Political parties from both ends of the spectrum are slamming Labour after the party ruled out introducing a capital gains or wealth tax if re-elected in October.
Green Party co-leader James Shaw was asked on Wednesday afternoon if the Greens would go into Government with Labour if it couldn't get either a capital gains tax (CGT) or wealth tax across the line.
"That's up to voters to decide," he said. "It's also up to my party members because they are the ones who actually get to decide whether or not we go into Government or not. Sitting on the crossbenches is a possibility for us, we have always said that."
He also said: "I don't think there is any point in political power if you choose to do nothing with it."
Shaw said members would look at any potential agreement "in the round", but the party has always maintained the option of sitting on the crossbenches.
Asked if he thought members could take that option, Shaw said: "I think there is a very real possibility of that."
In a statement on Wednesday, Labour leader Chris Hipkins confirmed such taxes weren't on the cards - saying now wasn't "the time for a big shake-up of our tax system" given the current cost of living pressures.
"New Zealanders I talk to want certainty and continuity right now and that’s what I’m delivering with this policy.
"When I became Prime Minister I said the Government I lead will focus on the basics. Experimenting with a wealth tax doesn't fit that approach which is why I'm ruling it out."
Hipkins added Labour's stance on a CGT also wouldn't change. During Labour's first term, then-Prime Minister Jacinda Ardern ruled out introducing one while in Coalition with NZ First and the Green Party.
The remarks from Hipkins come after new Budget documents revealed the Government considered - but didn't go ahead with - a system switch that included a tax-free threshold and wealth tax.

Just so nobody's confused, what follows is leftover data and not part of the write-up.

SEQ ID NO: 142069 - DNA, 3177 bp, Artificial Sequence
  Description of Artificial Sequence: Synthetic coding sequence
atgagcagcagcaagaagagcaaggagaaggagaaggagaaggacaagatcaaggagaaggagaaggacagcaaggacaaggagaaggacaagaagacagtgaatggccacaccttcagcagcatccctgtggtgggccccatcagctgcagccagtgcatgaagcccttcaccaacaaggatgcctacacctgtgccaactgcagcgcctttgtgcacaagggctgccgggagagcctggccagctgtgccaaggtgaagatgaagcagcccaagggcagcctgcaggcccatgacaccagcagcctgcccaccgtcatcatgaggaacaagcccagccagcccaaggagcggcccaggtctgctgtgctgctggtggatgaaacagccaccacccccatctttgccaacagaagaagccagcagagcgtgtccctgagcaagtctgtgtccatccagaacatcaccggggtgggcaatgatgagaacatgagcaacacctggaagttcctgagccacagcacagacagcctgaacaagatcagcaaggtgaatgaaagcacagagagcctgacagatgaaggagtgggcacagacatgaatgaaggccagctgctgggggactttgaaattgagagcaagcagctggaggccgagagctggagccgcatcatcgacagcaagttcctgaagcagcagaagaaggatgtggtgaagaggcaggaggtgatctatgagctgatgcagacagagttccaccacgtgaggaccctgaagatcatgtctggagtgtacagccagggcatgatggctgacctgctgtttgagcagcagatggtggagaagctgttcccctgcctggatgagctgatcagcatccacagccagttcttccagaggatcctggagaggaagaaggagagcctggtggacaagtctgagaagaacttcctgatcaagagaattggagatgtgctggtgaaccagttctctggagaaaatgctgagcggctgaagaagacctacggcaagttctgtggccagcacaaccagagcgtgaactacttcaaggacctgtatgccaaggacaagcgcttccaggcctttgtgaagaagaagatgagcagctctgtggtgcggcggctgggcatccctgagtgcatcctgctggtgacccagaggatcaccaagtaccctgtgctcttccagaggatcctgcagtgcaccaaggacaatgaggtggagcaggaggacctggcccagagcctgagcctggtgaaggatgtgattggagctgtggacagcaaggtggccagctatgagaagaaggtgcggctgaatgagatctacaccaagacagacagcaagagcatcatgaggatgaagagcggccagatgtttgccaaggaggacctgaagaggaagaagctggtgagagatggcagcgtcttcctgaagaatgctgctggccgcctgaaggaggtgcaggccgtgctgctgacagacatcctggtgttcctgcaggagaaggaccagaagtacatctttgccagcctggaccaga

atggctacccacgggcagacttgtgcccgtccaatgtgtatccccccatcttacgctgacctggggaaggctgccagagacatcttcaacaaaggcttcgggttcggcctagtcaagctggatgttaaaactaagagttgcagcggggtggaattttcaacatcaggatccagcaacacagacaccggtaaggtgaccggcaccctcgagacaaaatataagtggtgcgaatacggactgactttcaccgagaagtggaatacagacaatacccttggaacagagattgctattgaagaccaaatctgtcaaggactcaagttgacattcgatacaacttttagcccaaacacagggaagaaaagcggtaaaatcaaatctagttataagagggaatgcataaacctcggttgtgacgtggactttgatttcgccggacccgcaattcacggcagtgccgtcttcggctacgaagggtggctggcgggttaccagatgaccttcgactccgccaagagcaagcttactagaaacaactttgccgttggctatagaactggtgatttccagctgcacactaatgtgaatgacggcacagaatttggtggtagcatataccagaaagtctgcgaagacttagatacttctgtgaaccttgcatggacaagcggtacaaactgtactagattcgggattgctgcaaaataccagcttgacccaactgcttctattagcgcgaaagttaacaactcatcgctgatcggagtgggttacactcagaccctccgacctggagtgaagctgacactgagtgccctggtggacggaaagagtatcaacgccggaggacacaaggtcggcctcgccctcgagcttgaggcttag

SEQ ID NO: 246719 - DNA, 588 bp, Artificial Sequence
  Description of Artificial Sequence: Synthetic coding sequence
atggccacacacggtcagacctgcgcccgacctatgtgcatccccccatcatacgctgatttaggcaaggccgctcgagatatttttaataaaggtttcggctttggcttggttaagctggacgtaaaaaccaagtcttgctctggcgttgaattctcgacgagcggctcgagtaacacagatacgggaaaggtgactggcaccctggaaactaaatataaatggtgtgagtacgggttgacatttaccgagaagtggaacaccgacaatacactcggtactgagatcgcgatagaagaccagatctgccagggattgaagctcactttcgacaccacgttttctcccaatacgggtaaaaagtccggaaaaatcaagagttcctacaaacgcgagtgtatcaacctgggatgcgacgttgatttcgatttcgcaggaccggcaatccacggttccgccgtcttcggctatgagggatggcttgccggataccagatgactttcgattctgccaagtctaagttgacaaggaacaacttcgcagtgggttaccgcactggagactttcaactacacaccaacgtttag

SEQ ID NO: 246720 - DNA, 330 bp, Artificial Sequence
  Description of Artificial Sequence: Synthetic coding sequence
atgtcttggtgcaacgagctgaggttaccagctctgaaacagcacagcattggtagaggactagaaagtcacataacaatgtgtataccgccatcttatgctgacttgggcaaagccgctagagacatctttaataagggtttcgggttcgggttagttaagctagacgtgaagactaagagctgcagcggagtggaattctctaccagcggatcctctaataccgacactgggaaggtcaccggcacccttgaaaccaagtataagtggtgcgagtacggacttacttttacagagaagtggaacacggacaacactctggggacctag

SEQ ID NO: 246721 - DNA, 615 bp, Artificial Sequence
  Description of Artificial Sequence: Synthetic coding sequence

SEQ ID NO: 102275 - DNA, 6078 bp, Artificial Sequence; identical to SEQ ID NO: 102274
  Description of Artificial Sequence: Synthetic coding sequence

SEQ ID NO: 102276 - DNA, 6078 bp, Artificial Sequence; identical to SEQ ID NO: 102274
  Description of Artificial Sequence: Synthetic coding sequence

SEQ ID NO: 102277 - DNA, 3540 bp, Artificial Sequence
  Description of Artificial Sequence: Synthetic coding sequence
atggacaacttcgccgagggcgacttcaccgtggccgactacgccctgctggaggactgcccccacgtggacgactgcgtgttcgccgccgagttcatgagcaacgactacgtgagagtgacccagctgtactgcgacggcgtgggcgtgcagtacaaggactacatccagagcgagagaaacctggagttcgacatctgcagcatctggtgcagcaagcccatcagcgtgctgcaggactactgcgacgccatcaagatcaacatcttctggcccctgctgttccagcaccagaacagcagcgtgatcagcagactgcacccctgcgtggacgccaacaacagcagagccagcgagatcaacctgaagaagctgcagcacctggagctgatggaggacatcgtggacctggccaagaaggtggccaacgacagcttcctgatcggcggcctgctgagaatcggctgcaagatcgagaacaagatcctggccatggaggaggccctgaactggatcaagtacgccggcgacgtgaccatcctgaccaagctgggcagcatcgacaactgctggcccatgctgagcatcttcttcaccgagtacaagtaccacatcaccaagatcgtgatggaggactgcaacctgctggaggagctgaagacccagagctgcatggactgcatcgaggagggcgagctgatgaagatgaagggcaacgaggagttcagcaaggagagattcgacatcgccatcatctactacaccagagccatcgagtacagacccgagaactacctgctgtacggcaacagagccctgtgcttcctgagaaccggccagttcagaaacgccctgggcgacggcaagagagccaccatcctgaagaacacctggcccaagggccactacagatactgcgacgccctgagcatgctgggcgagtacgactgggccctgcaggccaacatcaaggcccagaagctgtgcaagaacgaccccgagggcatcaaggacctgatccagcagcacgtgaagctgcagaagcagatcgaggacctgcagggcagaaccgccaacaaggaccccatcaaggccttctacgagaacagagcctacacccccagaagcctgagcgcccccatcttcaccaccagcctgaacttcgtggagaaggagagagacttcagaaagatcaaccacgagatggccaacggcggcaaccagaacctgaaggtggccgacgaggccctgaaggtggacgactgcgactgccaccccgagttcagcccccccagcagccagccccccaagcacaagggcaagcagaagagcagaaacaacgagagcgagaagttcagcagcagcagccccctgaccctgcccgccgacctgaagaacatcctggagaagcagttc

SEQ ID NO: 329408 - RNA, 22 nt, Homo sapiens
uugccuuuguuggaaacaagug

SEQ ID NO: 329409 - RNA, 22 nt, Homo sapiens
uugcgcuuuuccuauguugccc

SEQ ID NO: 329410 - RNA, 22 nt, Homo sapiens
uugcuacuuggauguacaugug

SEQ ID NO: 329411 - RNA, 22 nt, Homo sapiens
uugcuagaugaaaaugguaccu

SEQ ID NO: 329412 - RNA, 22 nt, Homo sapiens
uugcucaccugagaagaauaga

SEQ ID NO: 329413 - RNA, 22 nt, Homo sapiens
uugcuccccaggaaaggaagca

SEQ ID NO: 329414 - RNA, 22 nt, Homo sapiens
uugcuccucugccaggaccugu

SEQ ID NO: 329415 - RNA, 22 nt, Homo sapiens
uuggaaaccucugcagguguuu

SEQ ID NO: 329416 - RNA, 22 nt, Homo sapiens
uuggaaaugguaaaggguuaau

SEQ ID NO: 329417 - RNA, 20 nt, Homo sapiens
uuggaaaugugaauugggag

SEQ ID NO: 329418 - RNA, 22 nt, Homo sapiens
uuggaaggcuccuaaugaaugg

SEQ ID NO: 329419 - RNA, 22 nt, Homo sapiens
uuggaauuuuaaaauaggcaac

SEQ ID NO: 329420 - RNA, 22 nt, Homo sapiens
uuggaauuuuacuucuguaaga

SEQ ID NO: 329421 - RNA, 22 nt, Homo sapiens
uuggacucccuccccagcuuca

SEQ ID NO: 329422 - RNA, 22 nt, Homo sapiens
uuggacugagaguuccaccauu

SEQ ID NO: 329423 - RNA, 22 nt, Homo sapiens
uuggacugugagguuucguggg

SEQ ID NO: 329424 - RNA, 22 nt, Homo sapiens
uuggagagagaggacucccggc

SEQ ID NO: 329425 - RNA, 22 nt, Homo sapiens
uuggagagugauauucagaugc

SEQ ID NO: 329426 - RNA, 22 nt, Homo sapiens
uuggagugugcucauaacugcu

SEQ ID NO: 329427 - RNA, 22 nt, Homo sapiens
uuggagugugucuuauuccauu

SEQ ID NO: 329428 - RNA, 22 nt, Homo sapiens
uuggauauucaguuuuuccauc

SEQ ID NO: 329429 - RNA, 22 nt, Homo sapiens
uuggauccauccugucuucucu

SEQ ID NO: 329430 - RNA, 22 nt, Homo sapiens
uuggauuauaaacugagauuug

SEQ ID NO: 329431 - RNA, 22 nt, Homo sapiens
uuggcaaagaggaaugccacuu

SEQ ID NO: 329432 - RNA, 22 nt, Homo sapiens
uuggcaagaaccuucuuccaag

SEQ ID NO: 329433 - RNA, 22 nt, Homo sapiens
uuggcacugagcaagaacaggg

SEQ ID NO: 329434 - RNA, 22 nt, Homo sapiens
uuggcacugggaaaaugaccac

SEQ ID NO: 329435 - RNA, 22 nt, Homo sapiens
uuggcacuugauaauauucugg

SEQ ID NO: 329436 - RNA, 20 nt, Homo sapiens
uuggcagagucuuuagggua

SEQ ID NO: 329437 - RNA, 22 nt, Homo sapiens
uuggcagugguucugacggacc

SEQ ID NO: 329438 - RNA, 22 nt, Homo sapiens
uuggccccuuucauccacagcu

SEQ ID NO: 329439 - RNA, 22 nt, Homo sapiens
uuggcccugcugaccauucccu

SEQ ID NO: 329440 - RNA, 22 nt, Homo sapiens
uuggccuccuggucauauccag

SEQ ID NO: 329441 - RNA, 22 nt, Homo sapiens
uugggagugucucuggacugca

"While work was already underway on a potential wealth tax and CGT as part of a tax switch in the Budget I ultimately made the call not to proceed with it. We simply didn't have a mandate to implement those tax changes," Hipkins said.
"Instead we have moved to address inequity in our tax system by increasing the top trust tax rate to match the 39 percent top income tax rate. This will help prevent trusts [from] being used as a tax shelter and ensures the ultra-wealthy pay their fair share."
Hipkins, who's currently in Lithuania at the NATO summit, confirmed Labour would release its full tax policy "soon".
Responding to Hipkins' remarks, Shaw said New Zealand's tax system had "never been more unfair".
"Political leaders don't get to decide what will and won't happen after the election. That's the job of the New Zealand public," he said.
"Polling shows the majority of New Zealanders support a wealth tax. Our plan will cut taxes and make 95 percent of New Zealanders better off by asking the wealthiest 0.7 percent to pay their fair share."
Shaw also said the Greens wouldn't stop "fighting for a fairer tax system".
"If that's what people want then they need to help us get more Green MPs," he added.
Meanwhile, National Party finance spokesperson Nicola Willis said New Zealanders couldn't "trust Labour on tax".
National leader Christopher Luxon, meanwhile, accused Hipkins of being "cynical".
"It's been confirmed Labour was plotting a wealth tax or capital gains tax for months," Luxon said on Twitter. "Now, Chris Hipkins is desperately trying to rule them both out - it's cynical politics."
Despite Hipkins ruling out the taxes, ACT leader David Seymour said he wouldn't be surprised if he was talked back into them by the Greens and Te Pāti Māori - Labour's prospective Coalition partners.
"Hipkins' arm wouldn’t be that hard to twist," Seymour said.
"The Labour-Green-Māori coalition can't be trusted. ACT is the only party with a full-costed tax plan that will really make life more affordable for all New Zealanders."
In his statement on Wednesday, Hipkins also attacked the right bloc's tax plans. National wants to index tax thresholds to inflation, while ACT wants to scrap the top 39 percent income tax rate and introduce a two-tier system.
"The reality is National's tax cuts are unaffordable and inflationary. Just as we are getting on top of price increases they would borrow to deliver an inflationary sugar hit," Hipkins said.
"National's uncosted and unfair tax changes would deliver the biggest cuts to millionaires and CEOs while offering as little as $2 a week to some low and middle-income households."
Hipkins also defended Labour's "boring" policy.
"Some people might call it boring but the times call for restraint and simple and smart policies which grow our economy, help drive inflation down and provide targeted help to those families who need it the most."
Hipkins said New Zealanders were facing increasing financial pressures.
"Our work on securing new free trade agreements is helping our exporters and will grow GDP, while free prescriptions and 20 hours free ECE (early childhood education) will help families cover the bills. Simple and effective policies that are proven to work and keep inflation in check."